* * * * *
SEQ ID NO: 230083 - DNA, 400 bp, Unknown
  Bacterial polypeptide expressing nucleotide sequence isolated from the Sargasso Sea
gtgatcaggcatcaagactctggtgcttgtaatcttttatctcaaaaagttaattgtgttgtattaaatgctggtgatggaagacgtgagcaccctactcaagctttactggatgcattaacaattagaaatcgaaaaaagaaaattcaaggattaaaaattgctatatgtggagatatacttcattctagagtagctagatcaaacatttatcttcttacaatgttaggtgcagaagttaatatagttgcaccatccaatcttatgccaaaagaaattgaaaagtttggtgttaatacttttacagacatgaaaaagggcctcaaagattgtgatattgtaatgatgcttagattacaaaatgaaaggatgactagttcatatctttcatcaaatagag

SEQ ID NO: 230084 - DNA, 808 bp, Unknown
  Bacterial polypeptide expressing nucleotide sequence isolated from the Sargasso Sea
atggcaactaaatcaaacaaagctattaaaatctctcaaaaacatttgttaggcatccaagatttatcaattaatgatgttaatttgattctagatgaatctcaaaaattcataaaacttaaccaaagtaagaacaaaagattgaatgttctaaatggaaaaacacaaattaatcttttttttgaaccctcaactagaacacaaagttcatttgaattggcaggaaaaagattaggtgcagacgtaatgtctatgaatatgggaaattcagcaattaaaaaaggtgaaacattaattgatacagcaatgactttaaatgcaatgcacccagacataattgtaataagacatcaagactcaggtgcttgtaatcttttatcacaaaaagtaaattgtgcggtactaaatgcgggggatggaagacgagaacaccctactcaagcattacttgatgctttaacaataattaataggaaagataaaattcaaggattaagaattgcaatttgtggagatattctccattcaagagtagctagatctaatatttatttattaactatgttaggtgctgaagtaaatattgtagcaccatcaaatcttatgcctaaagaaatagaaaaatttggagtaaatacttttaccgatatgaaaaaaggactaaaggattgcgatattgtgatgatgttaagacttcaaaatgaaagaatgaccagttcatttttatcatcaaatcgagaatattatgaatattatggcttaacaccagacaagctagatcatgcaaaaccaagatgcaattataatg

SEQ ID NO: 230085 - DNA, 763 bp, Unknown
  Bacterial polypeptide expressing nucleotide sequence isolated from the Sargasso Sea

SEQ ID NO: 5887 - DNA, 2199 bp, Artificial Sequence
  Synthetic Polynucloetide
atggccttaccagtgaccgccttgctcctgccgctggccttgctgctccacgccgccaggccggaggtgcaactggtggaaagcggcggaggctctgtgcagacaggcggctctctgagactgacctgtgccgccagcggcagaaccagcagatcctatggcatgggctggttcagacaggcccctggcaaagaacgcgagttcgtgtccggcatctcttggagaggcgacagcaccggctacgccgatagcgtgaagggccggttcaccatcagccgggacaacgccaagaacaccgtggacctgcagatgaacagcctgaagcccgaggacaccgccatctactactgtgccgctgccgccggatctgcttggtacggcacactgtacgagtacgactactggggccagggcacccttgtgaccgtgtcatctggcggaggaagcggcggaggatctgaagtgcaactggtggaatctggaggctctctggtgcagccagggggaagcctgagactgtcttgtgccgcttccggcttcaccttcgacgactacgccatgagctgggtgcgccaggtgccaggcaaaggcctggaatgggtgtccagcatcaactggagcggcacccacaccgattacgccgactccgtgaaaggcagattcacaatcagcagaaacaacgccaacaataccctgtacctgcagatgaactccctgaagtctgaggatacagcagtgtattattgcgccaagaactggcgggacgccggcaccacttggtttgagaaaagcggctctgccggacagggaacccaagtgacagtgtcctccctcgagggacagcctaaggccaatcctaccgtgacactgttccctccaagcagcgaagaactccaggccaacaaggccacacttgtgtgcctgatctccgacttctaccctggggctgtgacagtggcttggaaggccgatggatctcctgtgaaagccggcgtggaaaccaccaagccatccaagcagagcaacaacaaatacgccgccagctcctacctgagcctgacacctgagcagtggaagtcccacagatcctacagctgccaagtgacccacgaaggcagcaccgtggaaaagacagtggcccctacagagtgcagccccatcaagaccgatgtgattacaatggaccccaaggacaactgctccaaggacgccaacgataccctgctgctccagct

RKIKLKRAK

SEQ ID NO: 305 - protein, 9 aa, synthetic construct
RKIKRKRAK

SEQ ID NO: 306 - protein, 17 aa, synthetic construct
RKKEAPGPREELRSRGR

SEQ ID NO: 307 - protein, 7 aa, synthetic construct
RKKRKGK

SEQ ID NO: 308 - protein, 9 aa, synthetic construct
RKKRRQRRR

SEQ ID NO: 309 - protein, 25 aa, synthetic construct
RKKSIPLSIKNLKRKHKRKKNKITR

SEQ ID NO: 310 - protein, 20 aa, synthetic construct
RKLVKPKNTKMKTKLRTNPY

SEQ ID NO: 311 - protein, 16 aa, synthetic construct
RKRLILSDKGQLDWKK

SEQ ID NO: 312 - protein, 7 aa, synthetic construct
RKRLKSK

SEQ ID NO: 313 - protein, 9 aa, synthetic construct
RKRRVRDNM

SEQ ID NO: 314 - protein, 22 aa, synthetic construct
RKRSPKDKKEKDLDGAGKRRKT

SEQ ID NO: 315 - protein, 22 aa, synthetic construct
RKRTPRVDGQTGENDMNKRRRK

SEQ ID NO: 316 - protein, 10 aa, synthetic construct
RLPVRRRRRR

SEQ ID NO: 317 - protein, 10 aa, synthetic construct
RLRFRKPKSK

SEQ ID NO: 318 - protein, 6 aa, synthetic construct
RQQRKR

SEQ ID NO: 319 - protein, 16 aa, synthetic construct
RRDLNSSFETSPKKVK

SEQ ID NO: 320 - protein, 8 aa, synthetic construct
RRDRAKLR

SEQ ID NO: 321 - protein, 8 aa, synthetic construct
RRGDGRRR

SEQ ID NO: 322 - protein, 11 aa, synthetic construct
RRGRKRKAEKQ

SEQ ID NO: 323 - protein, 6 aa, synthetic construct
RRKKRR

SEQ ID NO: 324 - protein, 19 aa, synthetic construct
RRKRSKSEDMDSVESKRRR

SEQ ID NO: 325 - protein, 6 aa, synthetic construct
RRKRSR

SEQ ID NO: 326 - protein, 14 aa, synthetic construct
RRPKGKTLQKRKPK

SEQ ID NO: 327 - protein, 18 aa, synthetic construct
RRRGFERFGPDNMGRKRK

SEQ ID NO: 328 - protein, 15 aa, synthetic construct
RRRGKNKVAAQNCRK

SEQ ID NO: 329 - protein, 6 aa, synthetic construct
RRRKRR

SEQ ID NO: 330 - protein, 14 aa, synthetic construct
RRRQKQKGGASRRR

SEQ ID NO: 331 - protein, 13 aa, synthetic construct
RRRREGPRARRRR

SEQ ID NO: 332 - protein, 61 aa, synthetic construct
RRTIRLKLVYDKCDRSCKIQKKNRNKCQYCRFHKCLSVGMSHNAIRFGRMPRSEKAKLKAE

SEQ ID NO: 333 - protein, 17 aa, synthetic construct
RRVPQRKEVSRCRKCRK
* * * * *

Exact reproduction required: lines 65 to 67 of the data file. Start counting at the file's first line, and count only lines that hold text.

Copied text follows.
SEQ ID NO: 331 - protein, 13 aa, synthetic construct
RRRREGPRARRRR

SEQ ID NO: 332 - protein, 61 aa, synthetic construct